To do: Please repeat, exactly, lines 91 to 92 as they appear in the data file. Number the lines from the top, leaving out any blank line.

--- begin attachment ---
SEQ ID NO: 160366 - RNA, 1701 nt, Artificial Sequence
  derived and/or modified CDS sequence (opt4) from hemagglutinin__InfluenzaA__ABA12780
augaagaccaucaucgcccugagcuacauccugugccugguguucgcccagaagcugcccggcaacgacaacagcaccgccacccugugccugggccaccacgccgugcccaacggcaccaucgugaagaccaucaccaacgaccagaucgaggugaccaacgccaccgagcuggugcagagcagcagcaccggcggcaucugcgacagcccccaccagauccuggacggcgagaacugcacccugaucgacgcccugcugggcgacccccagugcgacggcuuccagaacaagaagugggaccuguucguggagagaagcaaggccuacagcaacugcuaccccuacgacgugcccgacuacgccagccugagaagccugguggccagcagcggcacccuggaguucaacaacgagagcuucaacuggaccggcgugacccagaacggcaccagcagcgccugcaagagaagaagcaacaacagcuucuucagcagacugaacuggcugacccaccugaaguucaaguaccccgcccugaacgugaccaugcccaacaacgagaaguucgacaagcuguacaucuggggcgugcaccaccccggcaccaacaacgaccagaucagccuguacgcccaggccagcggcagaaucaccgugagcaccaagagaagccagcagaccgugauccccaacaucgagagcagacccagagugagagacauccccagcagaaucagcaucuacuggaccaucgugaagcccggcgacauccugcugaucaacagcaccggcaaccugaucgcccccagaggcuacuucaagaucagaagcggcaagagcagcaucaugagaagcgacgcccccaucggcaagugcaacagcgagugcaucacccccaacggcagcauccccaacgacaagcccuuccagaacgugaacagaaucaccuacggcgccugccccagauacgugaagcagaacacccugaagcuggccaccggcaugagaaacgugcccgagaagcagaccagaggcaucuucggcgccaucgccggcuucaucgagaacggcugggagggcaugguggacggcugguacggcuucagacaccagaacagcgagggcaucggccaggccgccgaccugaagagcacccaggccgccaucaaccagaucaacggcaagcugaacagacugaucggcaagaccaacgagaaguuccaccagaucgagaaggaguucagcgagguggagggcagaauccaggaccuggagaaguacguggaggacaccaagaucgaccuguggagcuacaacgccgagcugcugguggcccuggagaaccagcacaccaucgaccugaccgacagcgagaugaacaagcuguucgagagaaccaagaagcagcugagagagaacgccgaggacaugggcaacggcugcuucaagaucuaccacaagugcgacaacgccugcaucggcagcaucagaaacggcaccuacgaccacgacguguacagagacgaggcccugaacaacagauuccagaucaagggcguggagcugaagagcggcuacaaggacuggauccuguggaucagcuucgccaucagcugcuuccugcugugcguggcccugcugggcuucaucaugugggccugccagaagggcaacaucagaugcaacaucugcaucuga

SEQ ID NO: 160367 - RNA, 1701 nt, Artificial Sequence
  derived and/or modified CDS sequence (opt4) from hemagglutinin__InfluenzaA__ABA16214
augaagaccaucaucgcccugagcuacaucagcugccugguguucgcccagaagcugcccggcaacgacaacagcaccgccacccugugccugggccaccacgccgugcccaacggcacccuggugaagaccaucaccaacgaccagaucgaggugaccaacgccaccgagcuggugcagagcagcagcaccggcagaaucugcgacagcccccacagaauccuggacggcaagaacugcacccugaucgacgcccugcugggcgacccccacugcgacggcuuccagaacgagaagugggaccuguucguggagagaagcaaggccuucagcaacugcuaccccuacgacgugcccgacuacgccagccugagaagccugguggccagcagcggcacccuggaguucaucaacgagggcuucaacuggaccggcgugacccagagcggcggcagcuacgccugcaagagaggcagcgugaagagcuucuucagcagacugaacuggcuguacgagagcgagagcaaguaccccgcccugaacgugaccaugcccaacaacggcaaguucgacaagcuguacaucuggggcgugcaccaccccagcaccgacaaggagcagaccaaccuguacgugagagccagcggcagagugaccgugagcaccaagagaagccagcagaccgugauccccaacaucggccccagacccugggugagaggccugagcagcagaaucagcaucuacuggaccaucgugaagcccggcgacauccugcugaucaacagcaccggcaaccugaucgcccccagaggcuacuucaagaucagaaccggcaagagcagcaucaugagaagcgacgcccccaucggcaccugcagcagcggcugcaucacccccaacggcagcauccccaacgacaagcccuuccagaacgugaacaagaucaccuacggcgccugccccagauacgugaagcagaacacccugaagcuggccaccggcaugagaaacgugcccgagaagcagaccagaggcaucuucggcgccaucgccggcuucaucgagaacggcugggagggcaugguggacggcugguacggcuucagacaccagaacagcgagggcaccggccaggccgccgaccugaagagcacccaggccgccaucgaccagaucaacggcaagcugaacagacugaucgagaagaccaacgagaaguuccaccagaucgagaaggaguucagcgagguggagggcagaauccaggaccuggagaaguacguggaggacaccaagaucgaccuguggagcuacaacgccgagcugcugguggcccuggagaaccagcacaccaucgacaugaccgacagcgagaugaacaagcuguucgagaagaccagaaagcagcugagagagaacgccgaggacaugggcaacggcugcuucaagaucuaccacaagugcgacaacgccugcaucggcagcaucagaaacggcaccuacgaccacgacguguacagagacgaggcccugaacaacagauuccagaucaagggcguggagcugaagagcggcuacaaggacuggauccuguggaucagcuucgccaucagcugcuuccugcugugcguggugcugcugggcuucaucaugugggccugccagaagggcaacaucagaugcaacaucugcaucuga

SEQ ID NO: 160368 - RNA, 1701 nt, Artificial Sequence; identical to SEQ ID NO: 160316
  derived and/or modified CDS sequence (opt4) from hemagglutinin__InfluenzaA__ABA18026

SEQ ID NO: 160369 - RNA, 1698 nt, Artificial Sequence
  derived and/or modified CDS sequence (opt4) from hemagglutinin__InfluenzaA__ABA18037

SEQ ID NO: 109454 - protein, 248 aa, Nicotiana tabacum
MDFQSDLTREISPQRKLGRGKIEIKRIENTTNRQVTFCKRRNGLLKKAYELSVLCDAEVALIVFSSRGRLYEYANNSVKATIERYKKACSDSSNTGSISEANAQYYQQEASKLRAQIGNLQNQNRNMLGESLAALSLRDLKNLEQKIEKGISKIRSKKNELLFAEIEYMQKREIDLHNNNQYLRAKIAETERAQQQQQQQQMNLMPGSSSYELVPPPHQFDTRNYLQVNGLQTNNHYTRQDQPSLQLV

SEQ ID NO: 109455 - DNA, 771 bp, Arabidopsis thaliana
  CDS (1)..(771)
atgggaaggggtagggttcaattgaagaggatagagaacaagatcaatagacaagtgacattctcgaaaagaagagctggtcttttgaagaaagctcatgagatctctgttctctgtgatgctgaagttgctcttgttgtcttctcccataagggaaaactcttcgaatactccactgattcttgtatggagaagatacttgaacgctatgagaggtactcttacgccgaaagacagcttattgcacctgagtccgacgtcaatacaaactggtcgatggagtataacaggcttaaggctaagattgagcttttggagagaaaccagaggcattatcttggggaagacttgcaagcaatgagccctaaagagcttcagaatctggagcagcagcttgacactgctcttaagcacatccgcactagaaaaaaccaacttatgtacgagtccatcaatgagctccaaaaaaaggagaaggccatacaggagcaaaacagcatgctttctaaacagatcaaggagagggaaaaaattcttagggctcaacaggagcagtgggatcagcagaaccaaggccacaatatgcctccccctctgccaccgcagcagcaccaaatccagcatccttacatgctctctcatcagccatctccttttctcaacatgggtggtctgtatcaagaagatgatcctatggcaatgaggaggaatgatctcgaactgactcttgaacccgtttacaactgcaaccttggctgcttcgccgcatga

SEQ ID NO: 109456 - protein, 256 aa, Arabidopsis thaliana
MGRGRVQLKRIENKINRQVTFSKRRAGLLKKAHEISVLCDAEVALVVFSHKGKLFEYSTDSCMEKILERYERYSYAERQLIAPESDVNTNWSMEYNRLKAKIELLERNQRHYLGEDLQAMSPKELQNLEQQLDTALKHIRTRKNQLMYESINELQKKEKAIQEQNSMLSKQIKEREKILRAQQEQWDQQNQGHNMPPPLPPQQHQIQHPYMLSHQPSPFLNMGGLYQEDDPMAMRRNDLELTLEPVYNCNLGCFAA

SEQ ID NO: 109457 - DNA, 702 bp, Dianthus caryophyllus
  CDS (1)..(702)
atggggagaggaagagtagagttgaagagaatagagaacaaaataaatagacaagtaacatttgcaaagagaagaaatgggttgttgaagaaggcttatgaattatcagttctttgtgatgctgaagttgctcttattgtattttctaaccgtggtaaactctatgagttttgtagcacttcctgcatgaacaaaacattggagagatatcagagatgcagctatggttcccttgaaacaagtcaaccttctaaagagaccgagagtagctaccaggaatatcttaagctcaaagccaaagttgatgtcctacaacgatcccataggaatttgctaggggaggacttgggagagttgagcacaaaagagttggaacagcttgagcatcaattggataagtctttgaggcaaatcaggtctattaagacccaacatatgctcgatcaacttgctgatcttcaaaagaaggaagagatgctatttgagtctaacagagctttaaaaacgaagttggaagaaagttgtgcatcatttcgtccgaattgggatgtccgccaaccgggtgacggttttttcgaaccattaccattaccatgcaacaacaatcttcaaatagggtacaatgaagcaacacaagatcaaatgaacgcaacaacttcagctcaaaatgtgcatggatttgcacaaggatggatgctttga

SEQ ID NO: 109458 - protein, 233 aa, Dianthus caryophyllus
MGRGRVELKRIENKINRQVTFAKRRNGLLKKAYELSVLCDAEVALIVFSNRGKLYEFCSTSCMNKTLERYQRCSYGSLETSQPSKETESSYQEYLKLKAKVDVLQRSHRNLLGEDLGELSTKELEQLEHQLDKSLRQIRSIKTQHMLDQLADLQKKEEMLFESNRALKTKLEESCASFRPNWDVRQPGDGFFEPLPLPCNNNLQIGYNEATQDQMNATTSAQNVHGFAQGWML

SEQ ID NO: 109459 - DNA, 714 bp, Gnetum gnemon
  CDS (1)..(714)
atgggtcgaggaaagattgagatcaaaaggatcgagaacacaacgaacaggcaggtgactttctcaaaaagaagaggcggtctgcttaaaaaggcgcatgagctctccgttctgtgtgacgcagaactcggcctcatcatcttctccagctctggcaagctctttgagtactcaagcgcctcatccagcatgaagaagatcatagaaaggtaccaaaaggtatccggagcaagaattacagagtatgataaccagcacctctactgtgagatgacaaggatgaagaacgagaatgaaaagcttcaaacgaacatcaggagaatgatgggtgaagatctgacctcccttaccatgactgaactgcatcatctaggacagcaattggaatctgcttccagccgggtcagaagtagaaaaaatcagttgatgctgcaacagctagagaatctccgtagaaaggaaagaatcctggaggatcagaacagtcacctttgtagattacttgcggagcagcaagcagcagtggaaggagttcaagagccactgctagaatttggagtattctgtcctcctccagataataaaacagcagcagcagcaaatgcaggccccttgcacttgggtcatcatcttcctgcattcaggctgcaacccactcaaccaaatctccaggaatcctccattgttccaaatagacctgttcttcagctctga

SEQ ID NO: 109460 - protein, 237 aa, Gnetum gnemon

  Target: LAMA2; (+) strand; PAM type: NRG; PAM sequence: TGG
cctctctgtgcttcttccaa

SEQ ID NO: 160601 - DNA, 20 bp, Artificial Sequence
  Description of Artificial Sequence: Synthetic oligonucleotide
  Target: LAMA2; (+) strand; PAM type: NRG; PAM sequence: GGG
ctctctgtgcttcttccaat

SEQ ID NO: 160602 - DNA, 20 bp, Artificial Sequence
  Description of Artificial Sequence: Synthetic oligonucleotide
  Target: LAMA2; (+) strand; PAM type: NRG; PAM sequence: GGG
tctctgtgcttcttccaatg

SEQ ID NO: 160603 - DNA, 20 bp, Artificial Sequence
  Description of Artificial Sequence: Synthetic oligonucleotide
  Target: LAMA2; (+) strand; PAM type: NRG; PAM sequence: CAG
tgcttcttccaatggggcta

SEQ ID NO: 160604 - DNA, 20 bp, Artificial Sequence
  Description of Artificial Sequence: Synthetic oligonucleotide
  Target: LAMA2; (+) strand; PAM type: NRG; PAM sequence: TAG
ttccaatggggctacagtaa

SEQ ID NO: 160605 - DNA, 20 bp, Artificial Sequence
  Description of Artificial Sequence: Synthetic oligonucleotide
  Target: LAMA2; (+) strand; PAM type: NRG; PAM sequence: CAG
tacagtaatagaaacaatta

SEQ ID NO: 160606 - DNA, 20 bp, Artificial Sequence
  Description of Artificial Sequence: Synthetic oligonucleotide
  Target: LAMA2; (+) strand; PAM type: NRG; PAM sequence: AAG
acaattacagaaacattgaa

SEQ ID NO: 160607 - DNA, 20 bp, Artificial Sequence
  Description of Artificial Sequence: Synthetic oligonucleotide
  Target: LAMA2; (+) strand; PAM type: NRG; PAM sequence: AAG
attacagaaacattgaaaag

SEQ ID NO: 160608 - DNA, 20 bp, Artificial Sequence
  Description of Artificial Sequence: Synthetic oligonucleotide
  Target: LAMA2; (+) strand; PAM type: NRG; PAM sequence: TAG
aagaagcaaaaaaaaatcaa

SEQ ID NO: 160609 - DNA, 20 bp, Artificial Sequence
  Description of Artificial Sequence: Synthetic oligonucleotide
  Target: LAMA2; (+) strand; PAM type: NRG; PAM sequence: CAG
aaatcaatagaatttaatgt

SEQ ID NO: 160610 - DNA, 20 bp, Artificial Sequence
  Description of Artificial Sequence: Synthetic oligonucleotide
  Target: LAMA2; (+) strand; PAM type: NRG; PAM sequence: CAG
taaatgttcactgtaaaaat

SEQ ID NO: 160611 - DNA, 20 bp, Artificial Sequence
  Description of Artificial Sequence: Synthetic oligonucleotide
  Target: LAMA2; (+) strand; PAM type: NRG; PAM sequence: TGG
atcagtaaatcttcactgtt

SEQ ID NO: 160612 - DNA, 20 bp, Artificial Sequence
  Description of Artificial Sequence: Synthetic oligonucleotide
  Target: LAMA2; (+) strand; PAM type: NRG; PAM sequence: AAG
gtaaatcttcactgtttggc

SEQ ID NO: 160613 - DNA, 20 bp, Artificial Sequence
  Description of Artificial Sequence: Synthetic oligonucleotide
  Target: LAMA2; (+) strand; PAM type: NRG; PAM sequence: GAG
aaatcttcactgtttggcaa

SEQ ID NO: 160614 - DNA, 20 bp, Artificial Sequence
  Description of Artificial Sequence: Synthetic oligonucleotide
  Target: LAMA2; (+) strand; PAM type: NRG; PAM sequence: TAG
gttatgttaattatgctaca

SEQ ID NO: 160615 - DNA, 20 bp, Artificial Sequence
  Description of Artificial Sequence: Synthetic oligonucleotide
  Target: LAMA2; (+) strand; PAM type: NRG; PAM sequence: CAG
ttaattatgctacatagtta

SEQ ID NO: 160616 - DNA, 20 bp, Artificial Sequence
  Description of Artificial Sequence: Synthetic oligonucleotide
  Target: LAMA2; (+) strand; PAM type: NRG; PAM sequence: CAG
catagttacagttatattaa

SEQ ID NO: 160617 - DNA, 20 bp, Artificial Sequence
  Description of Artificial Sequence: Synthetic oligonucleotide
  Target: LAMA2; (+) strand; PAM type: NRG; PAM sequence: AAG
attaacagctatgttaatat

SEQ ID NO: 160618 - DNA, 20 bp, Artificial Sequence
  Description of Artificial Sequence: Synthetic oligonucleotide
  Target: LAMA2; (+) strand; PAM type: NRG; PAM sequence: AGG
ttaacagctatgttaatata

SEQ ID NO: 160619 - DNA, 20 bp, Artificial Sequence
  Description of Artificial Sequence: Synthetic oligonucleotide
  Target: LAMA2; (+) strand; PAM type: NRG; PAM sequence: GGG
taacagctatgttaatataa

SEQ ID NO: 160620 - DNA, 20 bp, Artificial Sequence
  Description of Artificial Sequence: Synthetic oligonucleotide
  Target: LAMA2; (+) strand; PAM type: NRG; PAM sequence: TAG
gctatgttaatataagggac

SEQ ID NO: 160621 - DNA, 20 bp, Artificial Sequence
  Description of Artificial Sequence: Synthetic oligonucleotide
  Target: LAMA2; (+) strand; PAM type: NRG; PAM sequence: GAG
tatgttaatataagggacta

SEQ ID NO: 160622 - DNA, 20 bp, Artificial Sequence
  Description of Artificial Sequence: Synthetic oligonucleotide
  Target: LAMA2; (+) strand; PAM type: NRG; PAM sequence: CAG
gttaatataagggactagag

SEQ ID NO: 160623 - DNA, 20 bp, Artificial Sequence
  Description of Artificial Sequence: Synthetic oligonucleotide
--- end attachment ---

  Target: LAMA2; (+) strand; PAM type: NRG; PAM sequence: CAG
catagttacagttatattaa